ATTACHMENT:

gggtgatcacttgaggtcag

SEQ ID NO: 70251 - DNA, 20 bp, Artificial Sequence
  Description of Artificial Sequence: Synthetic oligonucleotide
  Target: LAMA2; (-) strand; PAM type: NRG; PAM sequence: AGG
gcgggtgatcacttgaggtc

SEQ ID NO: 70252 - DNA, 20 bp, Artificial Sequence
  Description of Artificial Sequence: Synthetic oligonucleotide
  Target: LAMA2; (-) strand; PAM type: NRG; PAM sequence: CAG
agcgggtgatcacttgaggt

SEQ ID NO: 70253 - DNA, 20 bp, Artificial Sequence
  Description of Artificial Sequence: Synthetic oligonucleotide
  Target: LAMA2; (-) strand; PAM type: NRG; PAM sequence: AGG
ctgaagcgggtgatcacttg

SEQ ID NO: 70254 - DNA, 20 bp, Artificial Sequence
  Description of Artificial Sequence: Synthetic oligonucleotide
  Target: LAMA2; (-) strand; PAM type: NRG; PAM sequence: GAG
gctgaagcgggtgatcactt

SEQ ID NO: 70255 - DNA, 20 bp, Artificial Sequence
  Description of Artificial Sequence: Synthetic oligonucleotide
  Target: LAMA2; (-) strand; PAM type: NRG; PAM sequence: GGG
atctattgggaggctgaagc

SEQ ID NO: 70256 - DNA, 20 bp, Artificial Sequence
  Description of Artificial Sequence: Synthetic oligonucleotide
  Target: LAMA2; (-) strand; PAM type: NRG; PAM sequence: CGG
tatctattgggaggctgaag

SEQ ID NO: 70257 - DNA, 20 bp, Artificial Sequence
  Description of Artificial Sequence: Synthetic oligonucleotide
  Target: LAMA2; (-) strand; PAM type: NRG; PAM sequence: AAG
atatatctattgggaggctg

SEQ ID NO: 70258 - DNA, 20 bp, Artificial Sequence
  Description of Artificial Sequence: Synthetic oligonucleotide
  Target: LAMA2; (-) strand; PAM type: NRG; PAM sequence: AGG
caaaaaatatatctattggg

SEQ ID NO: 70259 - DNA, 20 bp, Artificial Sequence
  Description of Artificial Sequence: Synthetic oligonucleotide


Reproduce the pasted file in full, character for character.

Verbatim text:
gggtgatcacttgaggtcag

SEQ ID NO: 70251 - DNA, 20 bp, Artificial Sequence
  Description of Artificial Sequence: Synthetic oligonucleotide
  Target: LAMA2; (-) strand; PAM type: NRG; PAM sequence: AGG
gcgggtgatcacttgaggtc

SEQ ID NO: 70252 - DNA, 20 bp, Artificial Sequence
  Description of Artificial Sequence: Synthetic oligonucleotide
  Target: LAMA2; (-) strand; PAM type: NRG; PAM sequence: CAG
agcgggtgatcacttgaggt

SEQ ID NO: 70253 - DNA, 20 bp, Artificial Sequence
  Description of Artificial Sequence: Synthetic oligonucleotide
  Target: LAMA2; (-) strand; PAM type: NRG; PAM sequence: AGG
ctgaagcgggtgatcacttg

SEQ ID NO: 70254 - DNA, 20 bp, Artificial Sequence
  Description of Artificial Sequence: Synthetic oligonucleotide
  Target: LAMA2; (-) strand; PAM type: NRG; PAM sequence: GAG
gctgaagcgggtgatcactt

SEQ ID NO: 70255 - DNA, 20 bp, Artificial Sequence
  Description of Artificial Sequence: Synthetic oligonucleotide
  Target: LAMA2; (-) strand; PAM type: NRG; PAM sequence: GGG
atctattgggaggctgaagc

SEQ ID NO: 70256 - DNA, 20 bp, Artificial Sequence
  Description of Artificial Sequence: Synthetic oligonucleotide
  Target: LAMA2; (-) strand; PAM type: NRG; PAM sequence: CGG
tatctattgggaggctgaag

SEQ ID NO: 70257 - DNA, 20 bp, Artificial Sequence
  Description of Artificial Sequence: Synthetic oligonucleotide
  Target: LAMA2; (-) strand; PAM type: NRG; PAM sequence: AAG
atatatctattgggaggctg

SEQ ID NO: 70258 - DNA, 20 bp, Artificial Sequence
  Description of Artificial Sequence: Synthetic oligonucleotide
  Target: LAMA2; (-) strand; PAM type: NRG; PAM sequence: AGG
caaaaaatatatctattggg

SEQ ID NO: 70259 - DNA, 20 bp, Artificial Sequence
  Description of Artificial Sequence: Synthetic oligonucleotide